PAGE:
The work investigated all the feelings and emotions that the majority of us are experiencing during this shelter-in-place period that has lasted for weeks now. Aybay’s solos expressed the loneliness we feel, the longing for physical contact with friends, colleagues, family and romantic partners who live separately. The dancers utilized every possible room within their apartment or home as a performance area, including when Marii Kawabata danced in the very confined triangular shaped area of what appeared to be her attic or closet.
A mirror became a common device for a romantic duet between two dancers. Their gestural attempts at reaching past the barrier or placing their hands against the glassy surface at the same moment was indeed tender and moving. Robert Gomez’s solo expressed what many people are going through of peering out a window longing to see a familiar person approaching their home for a visit. Dancers had physical struggles with furniture and especially doors leading to the outside that expressed everyone’s frustrations with the feelings of boredom, isolation and confinement.
One touching section involved each dancer holding a lit candle. It opened and ended with Kennedy Blue looking at a table top lined with photos of friends and family, but, for me, it also acted as a tribute to those who have lost their lives to this deadly virus. The work ended with each dancer expressing their love and well wishes to us all with virtual hugs and blown kisses.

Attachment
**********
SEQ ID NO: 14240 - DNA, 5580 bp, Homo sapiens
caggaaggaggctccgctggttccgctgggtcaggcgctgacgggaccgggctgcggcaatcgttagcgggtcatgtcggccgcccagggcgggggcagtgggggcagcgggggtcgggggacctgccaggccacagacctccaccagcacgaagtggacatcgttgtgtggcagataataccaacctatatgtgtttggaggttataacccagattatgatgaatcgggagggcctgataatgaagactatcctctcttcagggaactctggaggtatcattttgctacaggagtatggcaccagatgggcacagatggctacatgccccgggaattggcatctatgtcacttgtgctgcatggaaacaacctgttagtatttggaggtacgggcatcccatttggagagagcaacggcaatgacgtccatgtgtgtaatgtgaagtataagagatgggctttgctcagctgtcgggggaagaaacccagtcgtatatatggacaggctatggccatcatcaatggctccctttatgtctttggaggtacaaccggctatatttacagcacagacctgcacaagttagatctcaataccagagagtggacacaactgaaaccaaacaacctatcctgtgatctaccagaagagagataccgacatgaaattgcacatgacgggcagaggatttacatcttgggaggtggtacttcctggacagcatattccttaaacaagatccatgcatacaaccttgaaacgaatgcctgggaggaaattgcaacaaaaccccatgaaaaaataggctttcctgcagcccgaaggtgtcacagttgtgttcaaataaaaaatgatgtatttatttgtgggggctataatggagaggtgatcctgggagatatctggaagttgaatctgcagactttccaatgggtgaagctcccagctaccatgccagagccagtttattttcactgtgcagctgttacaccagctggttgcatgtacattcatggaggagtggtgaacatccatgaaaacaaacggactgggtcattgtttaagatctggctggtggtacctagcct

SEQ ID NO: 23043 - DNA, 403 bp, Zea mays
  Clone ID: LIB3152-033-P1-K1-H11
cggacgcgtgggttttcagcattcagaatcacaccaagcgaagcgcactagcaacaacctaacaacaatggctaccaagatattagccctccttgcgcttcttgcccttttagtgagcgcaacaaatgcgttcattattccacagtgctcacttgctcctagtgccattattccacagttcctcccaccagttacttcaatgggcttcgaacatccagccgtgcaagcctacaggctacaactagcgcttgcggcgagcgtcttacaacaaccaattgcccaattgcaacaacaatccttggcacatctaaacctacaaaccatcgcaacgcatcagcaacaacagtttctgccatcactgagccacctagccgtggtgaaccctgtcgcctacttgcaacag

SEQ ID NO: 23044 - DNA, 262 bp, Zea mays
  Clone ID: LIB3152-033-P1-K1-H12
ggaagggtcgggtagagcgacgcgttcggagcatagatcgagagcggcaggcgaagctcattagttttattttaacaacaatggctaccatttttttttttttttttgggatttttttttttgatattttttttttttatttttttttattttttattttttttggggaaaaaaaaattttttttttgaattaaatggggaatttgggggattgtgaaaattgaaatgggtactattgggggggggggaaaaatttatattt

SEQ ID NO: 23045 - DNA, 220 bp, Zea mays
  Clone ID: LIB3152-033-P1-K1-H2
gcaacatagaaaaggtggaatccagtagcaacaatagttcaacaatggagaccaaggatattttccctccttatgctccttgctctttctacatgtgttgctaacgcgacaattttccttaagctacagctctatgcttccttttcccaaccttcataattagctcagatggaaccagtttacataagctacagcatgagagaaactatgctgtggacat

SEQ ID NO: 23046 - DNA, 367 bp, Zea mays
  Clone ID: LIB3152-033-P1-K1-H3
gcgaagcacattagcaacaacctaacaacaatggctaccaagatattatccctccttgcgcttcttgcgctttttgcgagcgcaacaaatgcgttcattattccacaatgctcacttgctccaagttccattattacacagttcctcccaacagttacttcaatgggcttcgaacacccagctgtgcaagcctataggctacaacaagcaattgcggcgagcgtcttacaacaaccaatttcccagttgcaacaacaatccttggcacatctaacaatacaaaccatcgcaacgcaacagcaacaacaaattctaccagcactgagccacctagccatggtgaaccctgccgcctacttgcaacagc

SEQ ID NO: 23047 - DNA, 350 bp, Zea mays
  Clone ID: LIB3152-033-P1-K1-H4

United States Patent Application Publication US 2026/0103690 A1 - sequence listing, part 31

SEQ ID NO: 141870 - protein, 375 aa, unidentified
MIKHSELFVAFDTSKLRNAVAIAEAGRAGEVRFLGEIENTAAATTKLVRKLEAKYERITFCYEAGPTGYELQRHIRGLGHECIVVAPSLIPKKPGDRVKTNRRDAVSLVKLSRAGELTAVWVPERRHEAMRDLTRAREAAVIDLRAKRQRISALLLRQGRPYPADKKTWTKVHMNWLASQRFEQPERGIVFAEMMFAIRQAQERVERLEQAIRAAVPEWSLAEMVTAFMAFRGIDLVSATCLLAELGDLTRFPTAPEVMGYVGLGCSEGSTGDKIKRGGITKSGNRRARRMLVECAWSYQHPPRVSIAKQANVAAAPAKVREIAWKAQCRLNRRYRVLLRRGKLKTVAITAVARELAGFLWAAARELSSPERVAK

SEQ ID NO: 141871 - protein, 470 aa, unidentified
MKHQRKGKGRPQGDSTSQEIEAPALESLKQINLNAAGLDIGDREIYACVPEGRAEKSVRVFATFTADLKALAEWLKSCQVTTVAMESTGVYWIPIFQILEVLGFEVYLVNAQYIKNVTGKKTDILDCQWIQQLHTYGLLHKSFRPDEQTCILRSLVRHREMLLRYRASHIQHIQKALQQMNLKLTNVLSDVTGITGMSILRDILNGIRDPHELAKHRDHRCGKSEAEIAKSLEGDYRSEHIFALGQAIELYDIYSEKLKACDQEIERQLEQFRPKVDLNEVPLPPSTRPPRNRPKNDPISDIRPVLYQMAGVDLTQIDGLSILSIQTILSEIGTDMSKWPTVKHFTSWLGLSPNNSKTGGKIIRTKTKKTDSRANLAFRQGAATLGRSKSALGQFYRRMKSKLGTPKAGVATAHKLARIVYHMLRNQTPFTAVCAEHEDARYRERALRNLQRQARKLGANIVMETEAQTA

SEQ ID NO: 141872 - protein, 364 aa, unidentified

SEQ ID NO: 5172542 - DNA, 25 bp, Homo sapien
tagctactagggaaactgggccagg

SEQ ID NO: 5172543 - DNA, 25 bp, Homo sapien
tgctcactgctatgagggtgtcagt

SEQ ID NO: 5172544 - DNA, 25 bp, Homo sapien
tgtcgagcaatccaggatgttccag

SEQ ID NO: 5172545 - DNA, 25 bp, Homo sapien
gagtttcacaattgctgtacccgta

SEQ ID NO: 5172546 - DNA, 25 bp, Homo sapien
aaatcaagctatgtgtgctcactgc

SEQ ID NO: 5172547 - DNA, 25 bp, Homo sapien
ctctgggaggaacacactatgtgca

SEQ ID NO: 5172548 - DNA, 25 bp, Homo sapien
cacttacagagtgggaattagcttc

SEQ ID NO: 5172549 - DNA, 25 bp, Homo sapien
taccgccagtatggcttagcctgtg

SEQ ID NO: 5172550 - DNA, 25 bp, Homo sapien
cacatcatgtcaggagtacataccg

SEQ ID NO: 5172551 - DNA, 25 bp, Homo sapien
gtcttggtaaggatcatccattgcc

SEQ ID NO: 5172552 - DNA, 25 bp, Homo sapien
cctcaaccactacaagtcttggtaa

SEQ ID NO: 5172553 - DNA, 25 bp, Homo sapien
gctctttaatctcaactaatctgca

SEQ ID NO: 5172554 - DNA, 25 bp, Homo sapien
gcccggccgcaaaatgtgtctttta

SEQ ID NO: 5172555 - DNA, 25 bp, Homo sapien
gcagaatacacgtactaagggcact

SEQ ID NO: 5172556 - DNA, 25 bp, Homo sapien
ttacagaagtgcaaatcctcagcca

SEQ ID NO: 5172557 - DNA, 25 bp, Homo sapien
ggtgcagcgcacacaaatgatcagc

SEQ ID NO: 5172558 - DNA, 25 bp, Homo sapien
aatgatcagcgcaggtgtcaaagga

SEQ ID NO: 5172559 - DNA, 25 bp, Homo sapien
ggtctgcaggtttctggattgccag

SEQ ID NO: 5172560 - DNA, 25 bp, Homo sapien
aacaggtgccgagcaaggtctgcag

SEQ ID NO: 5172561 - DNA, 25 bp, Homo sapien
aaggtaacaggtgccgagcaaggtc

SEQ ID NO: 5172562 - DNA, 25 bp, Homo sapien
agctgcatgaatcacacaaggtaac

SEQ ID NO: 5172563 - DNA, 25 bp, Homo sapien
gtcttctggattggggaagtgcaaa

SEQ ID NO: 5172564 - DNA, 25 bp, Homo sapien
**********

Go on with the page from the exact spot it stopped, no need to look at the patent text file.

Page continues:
Beyond my thoughts about how wonderful Isolated Connections was as an online dance work, I was impressed to learn during the Q&A that it was only three weeks from the time Aybay conceived of this work and when it was broadcast live around the world. One of my questions for Aybay was whether or not she planned on expanding this work in the future. Here is her response.
“When I stared this project due to many unknowns about health, life and everything else in everyone’s lives, I wanted to do it as a quick, short, fun project. But I realized it can become something much bigger and amazing from the perspective of global connectivity. As for going back to your question, maybe ask me in a couple of weeks.”
The beautiful cast of Isolated Connections included Caitlin Heflin, Robert Gomez, Marii Kawabata, Nick Albuja, Karlo Ramirez, Kennedy Blue, Stephanie McMahon and Seda Aybay. Mark Baker was the Technical Director. Congratulations to all!
Written by Jeff Slayton for LADC, April 28, 2020.
To visit the Kybele Dance Theater website, click here.
Featured image: Compiled screen shots from Isolated Connections courtesy of Kybele Dance Theater.